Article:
Please note: This information was current at the time of publication. But medical information is always changing, and some information given here may be out of date. For regularly updated information on a variety of health topics, please visit, the AAFP patient education website.

Information from Your Family Doctor

Health Care for Lesbians and Bisexual Women


Am Fam Physician. 2006 Jul 15;74(2):287-288.

  See related article on primary care for lesbians and bisexual women.

Why should I talk to my doctor about my sexual orientation?

For you to get the best care and advice, you and your doctor should be able to talk openly. For example, if your doctor does not know about your life partner, your doctor cannot consult your loved one in a medical emergency. If your doctor does not know your sexual practices, you may not get the tests that you need. For some diseases, it is important to treat or vaccinate people who have close contact with you. The more your doctor knows about you, your family, and your community, the better care your doctor can give.

What types of things should I tell my doctor?

You should tell your doctor:

  • What words you want your doctor and others to use to describe your sexual orientation and your partner

  • Who you live with

  • Who you depend on or who depends on you for housing, shelter, insurance, and medical care

  • Who you want to make health care decisions for you if you can’t make them yourself

  • What your legal relationship is with your partner, children, father of your children, or sperm donor

  • If you have a power of attorney for health care or an advance directive

  • What would happen to you and your loved ones if you separated from your partner, lost your job, moved, had serious medical problems, became disabled, retired, or died

  • If you have sex (oral, anal, or vaginal) with men, women, or both

  • How many sexual partners you have had

  • If you need birth control

  • If you need information on protecting yourself from sexually transmitted diseases

  • If you’re having problems because of your sexual orientation (such as job discrimination, family problems, or feeling bad)

  • If you have experienced domestic violence or a hate crime

  • If you have an addiction

Where can I get more information?

For health information:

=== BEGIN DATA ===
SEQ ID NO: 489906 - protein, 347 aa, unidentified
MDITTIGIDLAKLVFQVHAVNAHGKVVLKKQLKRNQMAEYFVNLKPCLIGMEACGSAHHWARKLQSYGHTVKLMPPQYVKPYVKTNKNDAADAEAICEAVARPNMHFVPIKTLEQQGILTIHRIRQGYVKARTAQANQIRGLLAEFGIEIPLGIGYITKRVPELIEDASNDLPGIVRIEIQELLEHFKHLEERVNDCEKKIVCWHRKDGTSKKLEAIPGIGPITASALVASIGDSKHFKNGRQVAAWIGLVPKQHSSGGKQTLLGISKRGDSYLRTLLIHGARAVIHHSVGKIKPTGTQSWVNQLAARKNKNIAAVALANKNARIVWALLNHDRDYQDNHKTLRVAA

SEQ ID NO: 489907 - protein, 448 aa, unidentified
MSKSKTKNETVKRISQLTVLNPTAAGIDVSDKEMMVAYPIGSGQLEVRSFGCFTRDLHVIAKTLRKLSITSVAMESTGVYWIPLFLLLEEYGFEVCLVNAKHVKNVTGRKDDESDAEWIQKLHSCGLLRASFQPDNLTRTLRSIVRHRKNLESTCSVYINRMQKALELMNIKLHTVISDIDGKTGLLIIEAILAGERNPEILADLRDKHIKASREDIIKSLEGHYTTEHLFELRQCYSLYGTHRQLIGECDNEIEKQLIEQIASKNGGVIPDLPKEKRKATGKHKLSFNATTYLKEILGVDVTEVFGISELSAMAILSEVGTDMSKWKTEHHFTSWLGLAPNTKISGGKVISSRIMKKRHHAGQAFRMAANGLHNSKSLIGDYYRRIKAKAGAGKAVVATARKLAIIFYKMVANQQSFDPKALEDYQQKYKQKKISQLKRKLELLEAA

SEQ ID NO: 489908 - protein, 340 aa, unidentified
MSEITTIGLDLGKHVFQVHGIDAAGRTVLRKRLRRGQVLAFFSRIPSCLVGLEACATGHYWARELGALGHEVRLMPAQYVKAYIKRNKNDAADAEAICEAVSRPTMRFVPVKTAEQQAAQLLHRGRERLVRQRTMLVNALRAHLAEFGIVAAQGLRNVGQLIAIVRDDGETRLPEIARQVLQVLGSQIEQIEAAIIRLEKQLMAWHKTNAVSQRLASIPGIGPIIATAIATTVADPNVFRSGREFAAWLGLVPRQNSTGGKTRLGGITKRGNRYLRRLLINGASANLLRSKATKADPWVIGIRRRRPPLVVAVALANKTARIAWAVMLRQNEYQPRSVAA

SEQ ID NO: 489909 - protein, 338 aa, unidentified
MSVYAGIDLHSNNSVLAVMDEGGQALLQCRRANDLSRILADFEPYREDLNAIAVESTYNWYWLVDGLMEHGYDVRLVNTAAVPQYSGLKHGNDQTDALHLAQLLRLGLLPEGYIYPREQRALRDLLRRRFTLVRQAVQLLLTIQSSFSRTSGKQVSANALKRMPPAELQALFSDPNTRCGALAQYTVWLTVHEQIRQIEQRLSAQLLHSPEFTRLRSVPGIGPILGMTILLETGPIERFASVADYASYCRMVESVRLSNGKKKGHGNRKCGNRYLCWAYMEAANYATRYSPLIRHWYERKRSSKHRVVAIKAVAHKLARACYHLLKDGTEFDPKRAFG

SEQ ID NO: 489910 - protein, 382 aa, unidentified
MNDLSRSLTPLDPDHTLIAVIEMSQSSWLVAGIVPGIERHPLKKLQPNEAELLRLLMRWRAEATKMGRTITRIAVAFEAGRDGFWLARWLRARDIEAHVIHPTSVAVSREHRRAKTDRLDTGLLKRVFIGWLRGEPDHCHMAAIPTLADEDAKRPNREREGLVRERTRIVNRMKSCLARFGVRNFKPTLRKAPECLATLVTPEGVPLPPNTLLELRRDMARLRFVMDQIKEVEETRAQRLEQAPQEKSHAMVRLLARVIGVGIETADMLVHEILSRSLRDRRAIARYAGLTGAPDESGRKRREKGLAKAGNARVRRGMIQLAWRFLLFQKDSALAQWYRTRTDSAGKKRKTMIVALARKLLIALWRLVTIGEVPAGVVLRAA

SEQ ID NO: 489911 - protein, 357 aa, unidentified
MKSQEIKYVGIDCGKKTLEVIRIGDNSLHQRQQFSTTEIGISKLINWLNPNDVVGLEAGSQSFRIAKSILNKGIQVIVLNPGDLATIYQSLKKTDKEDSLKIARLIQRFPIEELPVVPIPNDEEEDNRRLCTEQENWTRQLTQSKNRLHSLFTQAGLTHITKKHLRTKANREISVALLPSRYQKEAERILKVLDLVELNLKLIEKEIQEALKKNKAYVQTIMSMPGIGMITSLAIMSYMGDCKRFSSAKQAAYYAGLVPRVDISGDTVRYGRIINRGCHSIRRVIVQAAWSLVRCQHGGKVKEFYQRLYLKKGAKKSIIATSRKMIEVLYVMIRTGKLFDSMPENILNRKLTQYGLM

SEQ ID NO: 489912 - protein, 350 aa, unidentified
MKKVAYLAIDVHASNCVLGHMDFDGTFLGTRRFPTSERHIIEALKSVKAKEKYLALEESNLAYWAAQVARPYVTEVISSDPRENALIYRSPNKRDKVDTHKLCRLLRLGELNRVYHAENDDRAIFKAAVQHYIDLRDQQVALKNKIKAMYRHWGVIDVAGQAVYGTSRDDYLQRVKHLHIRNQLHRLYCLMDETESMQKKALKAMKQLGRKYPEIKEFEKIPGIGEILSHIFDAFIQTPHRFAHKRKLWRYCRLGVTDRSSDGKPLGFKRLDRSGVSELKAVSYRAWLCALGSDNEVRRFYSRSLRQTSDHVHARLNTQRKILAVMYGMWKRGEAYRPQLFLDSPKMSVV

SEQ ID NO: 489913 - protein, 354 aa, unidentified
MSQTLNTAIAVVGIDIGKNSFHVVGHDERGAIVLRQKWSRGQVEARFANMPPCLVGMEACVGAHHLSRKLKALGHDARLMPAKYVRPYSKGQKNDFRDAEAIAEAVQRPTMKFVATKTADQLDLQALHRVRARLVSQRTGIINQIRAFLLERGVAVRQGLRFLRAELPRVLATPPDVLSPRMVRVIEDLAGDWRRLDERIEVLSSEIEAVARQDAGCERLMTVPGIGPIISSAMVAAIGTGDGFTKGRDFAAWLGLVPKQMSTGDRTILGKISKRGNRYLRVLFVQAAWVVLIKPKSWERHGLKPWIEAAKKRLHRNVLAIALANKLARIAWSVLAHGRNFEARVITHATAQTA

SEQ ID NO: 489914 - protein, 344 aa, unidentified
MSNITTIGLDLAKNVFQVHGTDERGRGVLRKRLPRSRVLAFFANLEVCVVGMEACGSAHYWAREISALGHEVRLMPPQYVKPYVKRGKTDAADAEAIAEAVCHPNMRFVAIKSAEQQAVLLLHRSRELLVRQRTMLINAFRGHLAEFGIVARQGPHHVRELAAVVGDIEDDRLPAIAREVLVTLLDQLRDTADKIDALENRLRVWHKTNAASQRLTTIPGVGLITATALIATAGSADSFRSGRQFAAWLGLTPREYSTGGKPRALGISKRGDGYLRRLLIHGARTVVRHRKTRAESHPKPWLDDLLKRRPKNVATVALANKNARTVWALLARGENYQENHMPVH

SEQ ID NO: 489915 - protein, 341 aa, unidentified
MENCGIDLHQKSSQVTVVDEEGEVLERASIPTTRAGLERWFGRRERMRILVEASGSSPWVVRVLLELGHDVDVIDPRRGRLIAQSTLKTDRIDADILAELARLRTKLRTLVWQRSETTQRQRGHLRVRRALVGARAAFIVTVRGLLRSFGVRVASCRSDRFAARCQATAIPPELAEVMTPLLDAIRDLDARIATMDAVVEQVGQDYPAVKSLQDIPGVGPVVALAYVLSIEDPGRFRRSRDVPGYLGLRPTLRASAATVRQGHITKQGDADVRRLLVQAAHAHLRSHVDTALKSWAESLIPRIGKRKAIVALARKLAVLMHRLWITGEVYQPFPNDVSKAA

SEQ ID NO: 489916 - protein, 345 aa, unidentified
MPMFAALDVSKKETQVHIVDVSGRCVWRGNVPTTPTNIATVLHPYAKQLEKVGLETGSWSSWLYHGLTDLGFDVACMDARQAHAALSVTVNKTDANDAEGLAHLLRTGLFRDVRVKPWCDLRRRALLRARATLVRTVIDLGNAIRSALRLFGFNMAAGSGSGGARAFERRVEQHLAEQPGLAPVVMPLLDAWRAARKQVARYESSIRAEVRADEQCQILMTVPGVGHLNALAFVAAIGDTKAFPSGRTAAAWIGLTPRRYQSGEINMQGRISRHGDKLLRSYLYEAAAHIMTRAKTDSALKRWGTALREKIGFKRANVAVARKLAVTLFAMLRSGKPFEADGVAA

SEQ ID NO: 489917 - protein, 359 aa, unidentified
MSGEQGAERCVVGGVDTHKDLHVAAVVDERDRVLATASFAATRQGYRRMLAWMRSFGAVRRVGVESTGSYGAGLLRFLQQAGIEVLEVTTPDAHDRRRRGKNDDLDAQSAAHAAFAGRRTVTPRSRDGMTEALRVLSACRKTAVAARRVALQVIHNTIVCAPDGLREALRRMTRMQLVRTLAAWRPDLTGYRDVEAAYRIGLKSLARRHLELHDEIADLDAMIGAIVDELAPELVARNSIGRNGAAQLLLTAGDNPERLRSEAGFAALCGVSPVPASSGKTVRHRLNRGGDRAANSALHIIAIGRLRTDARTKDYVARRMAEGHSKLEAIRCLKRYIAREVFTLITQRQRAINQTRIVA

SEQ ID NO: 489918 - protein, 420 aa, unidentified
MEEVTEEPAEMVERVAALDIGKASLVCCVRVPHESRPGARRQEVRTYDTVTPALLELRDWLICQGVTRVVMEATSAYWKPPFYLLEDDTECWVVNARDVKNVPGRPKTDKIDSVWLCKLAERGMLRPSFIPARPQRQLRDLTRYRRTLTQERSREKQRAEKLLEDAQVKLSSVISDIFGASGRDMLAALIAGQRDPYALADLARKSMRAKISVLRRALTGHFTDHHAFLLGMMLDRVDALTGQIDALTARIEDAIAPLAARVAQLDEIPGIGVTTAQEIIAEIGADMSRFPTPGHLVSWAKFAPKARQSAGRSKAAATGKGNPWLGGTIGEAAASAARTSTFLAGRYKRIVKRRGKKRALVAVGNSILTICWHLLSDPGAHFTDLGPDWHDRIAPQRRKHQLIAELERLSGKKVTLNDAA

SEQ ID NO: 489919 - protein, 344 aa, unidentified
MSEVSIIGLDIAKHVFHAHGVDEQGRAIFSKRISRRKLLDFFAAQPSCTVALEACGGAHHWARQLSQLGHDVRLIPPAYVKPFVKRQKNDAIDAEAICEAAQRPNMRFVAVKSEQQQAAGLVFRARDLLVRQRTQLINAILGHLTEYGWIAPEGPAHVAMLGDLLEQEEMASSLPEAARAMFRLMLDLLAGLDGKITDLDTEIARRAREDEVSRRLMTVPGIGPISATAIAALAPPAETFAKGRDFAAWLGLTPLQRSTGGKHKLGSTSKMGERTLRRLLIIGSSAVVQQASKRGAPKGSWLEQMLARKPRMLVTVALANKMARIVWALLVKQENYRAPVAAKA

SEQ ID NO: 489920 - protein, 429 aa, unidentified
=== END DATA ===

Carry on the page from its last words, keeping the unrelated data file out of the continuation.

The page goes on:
Bisexual Resource Center

Web site:


Web site:

Gay and Lesbian Medical Association

Telephone: 1-415-255-4547

Web site:

University of California, San Francisco,

Lesbian Health Research Center

Telephone: 1-415-502-5209

Web site:

Association of Gay and Lesbian Psychiatrists

Telephone: 1-215-222-2800

Web site:

Mautner Project, the National Lesbian Health Organization

Telephone: 1-866-MAUTNER (1-866-628-8637)

Web site:

American Association of Tissue Banks

Telephone: 1-703-827-9582

Web site:

For legal information:

National Center for Lesbian Rights

Telephone: 1-415-392-6257

Web site:

American Civil Liberties Union Lesbian and Gay Rights Project

Telephone: 1-212-549-2627

Web site:

Lambda Legal Defense and Education Fund, Inc.

Telephone: 1-212-809-8585

Web site:

This handout is provided to you by your family doctor and the American Academy of Family Physicians. Other health-related information is available from the AAFP online at

This information provides a general overview and may not apply to everyone. Talk to your family doctor to find out if this information applies to you and to get more information on this subject.


Copyright © 2006 by the American Academy of Family Physicians.
This content is owned by the AAFP. A person viewing it online may make one printout of the material and may use that printout only for his or her personal, non-commercial reference. This material may not otherwise be downloaded, copied, printed, stored, transmitted or reproduced in any medium, whether now known or later invented, except as authorized in writing by the AAFP. Contact for copyright questions and/or permission requests.

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